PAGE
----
If you saw my post about parameterized TOPs, one thing you may have immediately hated is the index I created.
And rightfully so — it was a terrible index for reasons we’ll discuss in this post.
If that index made you mad, congratulations, you’re a smart cookie.
CREATE INDEX whatever ON dbo.Votes(CreationDate DESC, VoteTypeId) GO
Yes, my friends, this index is wrong.
It’s not just wrong because we’ve got the column we’re filtering on second, but because there’s no reason for it to be second.
Nothing in our query lends itself to this particular indexing scenrio.
CREATE OR ALTER PROCEDURE dbo.top_sniffer (@top INT, @vtid INT) AS BEGIN SELECT TOP (@top) v.Id, v.PostId, v.UserId, v.BountyAmount, v.VoteTypeId, v.CreationDate FROM dbo.Votes AS v WHERE v.VoteTypeId = @vtid ORDER BY v.CreationDate DESC; END;
We Index Pretty
The reason I sometimes see columns appear first in an index is to avoid having to physically sort data.
If I run the stored procedure without any nonclustered indexes, this is our query plan:
EXEC dbo.top_sniffer @top = 1, @vtid = 1;
A sort, a spill, kablooey. We’re not having any fun, here.
With the original index, our data is organized in the order that we’re asking for it to be returned in the ORDER BY.
This caused all sorts of issues when we were looking for VoteTypeIds that were spread throughout the index, where we couldn’t satisfy the TOP quickly.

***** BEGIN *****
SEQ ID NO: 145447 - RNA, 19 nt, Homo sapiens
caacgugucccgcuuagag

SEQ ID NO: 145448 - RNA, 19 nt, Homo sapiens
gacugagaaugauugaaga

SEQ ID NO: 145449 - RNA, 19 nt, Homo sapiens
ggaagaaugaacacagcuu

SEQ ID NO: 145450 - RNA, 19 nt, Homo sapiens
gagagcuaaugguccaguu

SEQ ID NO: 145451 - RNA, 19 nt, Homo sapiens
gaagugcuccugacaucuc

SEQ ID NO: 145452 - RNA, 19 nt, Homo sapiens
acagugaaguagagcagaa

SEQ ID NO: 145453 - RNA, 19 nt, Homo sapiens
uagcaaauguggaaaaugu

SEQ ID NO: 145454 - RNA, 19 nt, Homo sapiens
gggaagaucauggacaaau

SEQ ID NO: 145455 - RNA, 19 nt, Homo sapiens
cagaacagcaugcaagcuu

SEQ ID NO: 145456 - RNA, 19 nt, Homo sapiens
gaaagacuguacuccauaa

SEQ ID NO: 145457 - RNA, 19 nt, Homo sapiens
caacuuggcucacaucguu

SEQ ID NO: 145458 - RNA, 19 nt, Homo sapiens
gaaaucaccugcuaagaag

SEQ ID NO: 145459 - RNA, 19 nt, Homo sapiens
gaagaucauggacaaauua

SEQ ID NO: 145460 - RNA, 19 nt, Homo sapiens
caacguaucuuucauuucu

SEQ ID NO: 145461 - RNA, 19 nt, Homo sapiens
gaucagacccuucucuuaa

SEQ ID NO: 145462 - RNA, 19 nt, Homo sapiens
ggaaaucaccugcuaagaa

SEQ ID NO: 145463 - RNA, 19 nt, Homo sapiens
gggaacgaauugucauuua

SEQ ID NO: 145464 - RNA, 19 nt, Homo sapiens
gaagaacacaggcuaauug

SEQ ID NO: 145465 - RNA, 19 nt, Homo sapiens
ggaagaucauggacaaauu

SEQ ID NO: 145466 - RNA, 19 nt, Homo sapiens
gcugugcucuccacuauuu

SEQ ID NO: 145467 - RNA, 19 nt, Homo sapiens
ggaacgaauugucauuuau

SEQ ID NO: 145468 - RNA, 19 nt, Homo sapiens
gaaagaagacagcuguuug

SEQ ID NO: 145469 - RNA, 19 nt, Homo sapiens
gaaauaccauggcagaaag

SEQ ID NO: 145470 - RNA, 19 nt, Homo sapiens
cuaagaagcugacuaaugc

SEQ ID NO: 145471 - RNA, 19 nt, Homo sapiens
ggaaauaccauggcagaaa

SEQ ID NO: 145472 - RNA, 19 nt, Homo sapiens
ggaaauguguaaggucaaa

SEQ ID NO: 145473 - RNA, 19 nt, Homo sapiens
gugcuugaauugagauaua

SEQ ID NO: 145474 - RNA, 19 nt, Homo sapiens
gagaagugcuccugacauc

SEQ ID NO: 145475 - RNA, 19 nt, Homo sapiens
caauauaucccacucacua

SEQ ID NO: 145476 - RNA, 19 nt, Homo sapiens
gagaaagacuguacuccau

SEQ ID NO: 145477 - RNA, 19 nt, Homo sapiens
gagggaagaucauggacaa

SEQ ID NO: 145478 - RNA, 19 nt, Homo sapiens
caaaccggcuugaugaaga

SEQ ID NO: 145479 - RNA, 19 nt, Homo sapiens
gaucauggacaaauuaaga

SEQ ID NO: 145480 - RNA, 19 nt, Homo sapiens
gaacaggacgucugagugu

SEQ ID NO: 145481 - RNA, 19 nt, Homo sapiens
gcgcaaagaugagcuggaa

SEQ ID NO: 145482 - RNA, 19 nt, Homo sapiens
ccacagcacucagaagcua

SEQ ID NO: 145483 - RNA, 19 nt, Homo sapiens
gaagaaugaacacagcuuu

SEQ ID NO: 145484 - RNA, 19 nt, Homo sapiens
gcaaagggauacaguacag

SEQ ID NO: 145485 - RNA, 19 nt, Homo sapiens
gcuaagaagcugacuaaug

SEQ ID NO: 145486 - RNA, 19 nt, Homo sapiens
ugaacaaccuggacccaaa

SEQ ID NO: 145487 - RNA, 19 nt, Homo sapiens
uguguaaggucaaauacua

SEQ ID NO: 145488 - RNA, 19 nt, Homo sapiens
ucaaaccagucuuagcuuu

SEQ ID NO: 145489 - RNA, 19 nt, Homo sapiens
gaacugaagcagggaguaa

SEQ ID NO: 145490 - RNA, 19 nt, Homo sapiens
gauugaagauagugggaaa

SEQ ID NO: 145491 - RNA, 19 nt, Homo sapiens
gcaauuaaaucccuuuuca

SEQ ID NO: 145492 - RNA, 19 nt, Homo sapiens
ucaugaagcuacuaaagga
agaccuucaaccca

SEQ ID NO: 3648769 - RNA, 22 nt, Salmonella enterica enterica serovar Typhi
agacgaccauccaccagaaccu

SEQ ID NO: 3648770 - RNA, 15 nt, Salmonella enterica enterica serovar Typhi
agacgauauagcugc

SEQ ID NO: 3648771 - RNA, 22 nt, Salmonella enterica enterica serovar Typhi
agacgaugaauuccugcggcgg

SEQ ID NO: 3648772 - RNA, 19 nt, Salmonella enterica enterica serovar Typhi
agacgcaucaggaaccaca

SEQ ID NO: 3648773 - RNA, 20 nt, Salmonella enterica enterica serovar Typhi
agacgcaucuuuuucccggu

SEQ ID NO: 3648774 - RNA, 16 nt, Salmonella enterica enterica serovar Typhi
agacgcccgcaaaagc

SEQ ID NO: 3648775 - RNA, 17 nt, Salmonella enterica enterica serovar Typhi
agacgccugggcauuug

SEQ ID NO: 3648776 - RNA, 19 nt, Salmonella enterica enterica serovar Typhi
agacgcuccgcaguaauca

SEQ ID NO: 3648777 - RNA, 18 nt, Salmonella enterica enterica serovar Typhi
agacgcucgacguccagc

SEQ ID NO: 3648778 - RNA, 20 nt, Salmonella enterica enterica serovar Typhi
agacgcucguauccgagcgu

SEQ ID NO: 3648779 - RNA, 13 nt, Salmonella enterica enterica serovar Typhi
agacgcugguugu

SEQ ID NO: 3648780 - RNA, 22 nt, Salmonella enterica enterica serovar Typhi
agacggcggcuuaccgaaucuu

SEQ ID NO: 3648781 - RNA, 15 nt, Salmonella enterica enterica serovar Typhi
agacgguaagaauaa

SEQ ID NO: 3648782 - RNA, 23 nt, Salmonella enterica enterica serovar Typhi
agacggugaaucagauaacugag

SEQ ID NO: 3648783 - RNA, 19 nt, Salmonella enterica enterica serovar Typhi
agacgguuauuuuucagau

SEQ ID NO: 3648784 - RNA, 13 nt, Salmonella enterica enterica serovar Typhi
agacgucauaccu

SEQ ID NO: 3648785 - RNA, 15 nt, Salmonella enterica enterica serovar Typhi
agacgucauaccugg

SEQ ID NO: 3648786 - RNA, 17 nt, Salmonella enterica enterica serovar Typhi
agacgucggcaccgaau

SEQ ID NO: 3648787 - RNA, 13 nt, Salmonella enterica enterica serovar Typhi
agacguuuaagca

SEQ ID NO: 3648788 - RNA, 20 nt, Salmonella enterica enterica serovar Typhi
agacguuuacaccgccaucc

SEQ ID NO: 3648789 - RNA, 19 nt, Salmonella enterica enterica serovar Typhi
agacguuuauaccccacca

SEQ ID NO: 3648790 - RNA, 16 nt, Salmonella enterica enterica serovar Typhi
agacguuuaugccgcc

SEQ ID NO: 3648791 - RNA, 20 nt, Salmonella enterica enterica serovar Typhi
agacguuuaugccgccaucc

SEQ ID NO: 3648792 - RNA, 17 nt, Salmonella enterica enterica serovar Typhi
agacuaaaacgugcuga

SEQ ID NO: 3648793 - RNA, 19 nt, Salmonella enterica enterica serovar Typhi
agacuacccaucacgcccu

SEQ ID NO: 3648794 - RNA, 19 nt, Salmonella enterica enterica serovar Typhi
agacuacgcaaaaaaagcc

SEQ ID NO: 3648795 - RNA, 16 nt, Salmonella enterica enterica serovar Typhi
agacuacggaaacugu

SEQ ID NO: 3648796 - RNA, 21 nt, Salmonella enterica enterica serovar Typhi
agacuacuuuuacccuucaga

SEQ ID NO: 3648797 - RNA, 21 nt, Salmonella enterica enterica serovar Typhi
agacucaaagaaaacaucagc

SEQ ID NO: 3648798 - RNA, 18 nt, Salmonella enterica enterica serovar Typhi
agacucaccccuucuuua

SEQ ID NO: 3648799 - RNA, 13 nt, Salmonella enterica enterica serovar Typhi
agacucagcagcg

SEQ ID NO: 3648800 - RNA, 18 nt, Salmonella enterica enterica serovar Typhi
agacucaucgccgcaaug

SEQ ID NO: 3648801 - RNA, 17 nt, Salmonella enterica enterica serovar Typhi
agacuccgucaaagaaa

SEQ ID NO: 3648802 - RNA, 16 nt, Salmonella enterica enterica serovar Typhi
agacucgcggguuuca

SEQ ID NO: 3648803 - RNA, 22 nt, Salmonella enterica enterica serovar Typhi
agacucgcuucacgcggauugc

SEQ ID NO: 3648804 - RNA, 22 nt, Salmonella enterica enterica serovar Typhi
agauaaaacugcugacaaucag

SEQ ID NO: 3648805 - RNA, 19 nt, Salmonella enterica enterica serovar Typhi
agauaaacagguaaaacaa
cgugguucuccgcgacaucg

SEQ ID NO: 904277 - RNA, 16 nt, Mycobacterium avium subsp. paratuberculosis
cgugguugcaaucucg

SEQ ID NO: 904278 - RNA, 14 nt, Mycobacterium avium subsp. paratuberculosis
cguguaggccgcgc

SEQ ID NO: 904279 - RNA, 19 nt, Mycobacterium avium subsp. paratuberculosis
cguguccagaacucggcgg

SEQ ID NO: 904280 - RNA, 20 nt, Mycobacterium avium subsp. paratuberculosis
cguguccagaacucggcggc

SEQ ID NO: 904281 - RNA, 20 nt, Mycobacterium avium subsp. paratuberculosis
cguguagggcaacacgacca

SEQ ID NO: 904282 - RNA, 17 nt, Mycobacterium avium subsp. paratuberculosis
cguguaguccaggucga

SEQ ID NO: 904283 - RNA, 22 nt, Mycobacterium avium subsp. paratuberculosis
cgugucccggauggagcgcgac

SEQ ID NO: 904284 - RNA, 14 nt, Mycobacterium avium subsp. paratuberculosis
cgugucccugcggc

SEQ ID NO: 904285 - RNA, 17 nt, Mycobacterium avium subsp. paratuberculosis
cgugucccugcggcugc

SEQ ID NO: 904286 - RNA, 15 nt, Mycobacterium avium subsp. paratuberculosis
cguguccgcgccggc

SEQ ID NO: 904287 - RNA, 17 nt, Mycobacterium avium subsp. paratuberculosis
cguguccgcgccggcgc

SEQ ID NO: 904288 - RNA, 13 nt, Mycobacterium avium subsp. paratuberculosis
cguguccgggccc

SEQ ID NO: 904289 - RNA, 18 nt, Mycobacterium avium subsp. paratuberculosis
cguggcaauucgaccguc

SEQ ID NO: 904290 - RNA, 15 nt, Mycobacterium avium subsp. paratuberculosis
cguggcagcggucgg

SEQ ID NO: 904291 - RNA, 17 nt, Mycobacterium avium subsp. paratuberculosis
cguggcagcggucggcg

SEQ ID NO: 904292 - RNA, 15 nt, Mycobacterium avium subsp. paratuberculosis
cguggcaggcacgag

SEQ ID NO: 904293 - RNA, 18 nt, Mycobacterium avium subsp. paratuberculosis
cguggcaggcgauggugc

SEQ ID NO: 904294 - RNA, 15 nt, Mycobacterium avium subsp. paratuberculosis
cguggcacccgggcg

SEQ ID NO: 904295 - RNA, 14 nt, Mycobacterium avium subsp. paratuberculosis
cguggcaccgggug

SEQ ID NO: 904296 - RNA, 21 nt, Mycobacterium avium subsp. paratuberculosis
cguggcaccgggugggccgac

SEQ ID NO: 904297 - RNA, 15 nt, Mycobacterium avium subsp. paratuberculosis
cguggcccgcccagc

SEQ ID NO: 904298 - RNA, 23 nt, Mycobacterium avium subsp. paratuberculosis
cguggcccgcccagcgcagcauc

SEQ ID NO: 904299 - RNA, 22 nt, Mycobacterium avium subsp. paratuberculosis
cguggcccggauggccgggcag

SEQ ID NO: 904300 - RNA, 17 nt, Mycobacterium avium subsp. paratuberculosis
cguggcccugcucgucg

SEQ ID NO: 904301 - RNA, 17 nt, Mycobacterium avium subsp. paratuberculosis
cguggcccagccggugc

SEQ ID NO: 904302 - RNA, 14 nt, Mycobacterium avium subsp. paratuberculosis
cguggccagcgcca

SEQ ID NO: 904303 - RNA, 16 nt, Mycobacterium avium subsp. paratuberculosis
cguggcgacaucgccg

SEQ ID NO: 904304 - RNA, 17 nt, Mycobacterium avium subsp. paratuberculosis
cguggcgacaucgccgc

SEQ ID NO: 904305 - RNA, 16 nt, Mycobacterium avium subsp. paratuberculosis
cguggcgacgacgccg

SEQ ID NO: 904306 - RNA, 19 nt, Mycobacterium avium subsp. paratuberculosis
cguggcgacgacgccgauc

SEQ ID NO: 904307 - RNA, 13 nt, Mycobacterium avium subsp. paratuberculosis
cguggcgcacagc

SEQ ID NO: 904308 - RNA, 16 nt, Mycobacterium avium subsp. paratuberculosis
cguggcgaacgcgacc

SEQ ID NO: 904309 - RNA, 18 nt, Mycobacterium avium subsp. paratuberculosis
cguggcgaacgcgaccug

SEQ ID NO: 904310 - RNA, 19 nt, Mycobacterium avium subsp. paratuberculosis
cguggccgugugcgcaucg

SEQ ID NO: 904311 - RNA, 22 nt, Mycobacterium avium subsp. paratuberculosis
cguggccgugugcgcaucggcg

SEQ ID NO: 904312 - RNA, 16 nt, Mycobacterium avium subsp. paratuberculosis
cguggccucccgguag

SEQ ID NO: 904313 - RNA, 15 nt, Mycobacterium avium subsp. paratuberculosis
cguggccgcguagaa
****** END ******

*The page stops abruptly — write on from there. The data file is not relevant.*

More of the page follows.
There was no Sort in the plan when we had the “wrong” index added.
We can also avoid having to sort data by having the ORDER BY column(s) second in the key of the index, because our filter is an equality.
CREATE INDEX whatever ON dbo.Votes(VoteTypeId, CreationDate DESC) GO
Having the filter column first also helps us avoid the longer running query issue when we look for VoteTypeId 4.
EXEC dbo.top_sniffer @top = 5000, @vtid = 4;
Table 'Votes'. Scan count 1, logical reads 2262 SQL Server Execution Times: CPU time = 0 ms, elapsed time = 148 ms.
Solving for Sorts
If you’ve been following my blogging for a while, you’ve likely seen me say this stuff before, because Sorts have some issues.
- They’re locally blocking, in that every row has to arrive before they can run
- They require additional memory space to order data the way you want
- They may spill to disk if they don’t get enough memory
- They may ask for quite a bit of extra memory if estimations are incorrect
- They may end up in a query plan even when you don’t explicitly ask for them
There are plenty of times when these things aren’t problems, but it’s good to know when they are, or when they might turn into a problem.
Thanks for reading!
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